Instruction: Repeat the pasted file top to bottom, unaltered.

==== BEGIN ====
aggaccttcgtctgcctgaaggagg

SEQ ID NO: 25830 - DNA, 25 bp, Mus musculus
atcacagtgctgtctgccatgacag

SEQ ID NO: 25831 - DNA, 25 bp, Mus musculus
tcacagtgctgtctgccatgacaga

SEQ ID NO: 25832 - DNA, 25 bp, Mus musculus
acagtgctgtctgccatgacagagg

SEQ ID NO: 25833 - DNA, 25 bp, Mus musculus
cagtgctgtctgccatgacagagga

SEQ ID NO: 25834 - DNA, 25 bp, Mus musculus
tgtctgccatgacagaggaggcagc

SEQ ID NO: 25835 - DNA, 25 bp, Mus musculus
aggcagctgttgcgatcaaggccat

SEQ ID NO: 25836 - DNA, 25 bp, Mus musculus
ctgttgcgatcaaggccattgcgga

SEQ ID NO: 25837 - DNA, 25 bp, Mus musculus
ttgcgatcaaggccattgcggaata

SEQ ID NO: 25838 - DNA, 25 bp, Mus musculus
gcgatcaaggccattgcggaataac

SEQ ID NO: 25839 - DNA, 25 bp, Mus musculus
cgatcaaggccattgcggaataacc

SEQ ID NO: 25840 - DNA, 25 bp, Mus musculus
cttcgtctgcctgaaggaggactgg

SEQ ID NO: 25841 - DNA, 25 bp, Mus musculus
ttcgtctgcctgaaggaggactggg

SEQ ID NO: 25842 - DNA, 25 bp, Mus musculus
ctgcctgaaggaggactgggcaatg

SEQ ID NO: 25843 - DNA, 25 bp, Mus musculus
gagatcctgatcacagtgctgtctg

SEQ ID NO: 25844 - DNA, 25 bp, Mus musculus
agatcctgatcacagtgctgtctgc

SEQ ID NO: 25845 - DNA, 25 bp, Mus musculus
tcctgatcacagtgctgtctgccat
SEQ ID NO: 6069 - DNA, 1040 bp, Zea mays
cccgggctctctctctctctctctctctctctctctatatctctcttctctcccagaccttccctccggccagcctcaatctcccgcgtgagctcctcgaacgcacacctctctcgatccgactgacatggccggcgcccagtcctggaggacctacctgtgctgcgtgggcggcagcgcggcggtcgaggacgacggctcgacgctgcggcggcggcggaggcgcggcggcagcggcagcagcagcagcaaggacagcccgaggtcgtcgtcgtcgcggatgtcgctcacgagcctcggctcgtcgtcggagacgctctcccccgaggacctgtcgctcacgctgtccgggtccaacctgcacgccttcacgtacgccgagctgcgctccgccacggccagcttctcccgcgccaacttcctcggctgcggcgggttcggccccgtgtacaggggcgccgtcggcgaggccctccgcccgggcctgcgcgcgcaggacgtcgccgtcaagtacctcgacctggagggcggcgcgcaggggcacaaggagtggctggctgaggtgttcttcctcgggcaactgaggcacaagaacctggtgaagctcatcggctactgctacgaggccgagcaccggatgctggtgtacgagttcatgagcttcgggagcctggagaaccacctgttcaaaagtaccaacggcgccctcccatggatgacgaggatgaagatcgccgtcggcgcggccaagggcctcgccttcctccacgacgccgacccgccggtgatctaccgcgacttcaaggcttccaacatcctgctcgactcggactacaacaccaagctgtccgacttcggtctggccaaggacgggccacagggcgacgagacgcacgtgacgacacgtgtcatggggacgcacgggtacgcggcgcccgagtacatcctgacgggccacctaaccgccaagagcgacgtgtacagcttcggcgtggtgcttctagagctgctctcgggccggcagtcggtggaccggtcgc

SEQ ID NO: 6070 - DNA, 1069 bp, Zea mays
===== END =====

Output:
aggaccttcgtctgcctgaaggagg

SEQ ID NO: 25830 - DNA, 25 bp, Mus musculus
atcacagtgctgtctgccatgacag

SEQ ID NO: 25831 - DNA, 25 bp, Mus musculus
tcacagtgctgtctgccatgacaga

SEQ ID NO: 25832 - DNA, 25 bp, Mus musculus
acagtgctgtctgccatgacagagg

SEQ ID NO: 25833 - DNA, 25 bp, Mus musculus
cagtgctgtctgccatgacagagga

SEQ ID NO: 25834 - DNA, 25 bp, Mus musculus
tgtctgccatgacagaggaggcagc

SEQ ID NO: 25835 - DNA, 25 bp, Mus musculus
aggcagctgttgcgatcaaggccat

SEQ ID NO: 25836 - DNA, 25 bp, Mus musculus
ctgttgcgatcaaggccattgcgga

SEQ ID NO: 25837 - DNA, 25 bp, Mus musculus
ttgcgatcaaggccattgcggaata

SEQ ID NO: 25838 - DNA, 25 bp, Mus musculus
gcgatcaaggccattgcggaataac

SEQ ID NO: 25839 - DNA, 25 bp, Mus musculus
cgatcaaggccattgcggaataacc

SEQ ID NO: 25840 - DNA, 25 bp, Mus musculus
cttcgtctgcctgaaggaggactgg

SEQ ID NO: 25841 - DNA, 25 bp, Mus musculus
ttcgtctgcctgaaggaggactggg

SEQ ID NO: 25842 - DNA, 25 bp, Mus musculus
ctgcctgaaggaggactgggcaatg

SEQ ID NO: 25843 - DNA, 25 bp, Mus musculus
gagatcctgatcacagtgctgtctg

SEQ ID NO: 25844 - DNA, 25 bp, Mus musculus
agatcctgatcacagtgctgtctgc

SEQ ID NO: 25845 - DNA, 25 bp, Mus musculus
tcctgatcacagtgctgtctgccat
SEQ ID NO: 6069 - DNA, 1040 bp, Zea mays
cccgggctctctctctctctctctctctctctctctatatctctcttctctcccagaccttccctccggccagcctcaatctcccgcgtgagctcctcgaacgcacacctctctcgatccgactgacatggccggcgcccagtcctggaggacctacctgtgctgcgtgggcggcagcgcggcggtcgaggacgacggctcgacgctgcggcggcggcggaggcgcggcggcagcggcagcagcagcagcaaggacagcccgaggtcgtcgtcgtcgcggatgtcgctcacgagcctcggctcgtcgtcggagacgctctcccccgaggacctgtcgctcacgctgtccgggtccaacctgcacgccttcacgtacgccgagctgcgctccgccacggccagcttctcccgcgccaacttcctcggctgcggcgggttcggccccgtgtacaggggcgccgtcggcgaggccctccgcccgggcctgcgcgcgcaggacgtcgccgtcaagtacctcgacctggagggcggcgcgcaggggcacaaggagtggctggctgaggtgttcttcctcgggcaactgaggcacaagaacctggtgaagctcatcggctactgctacgaggccgagcaccggatgctggtgtacgagttcatgagcttcgggagcctggagaaccacctgttcaaaagtaccaacggcgccctcccatggatgacgaggatgaagatcgccgtcggcgcggccaagggcctcgccttcctccacgacgccgacccgccggtgatctaccgcgacttcaaggcttccaacatcctgctcgactcggactacaacaccaagctgtccgacttcggtctggccaaggacgggccacagggcgacgagacgcacgtgacgacacgtgtcatggggacgcacgggtacgcggcgcccgagtacatcctgacgggccacctaaccgccaagagcgacgtgtacagcttcggcgtggtgcttctagagctgctctcgggccggcagtcggtggaccggtcgc

SEQ ID NO: 6070 - DNA, 1069 bp, Zea mays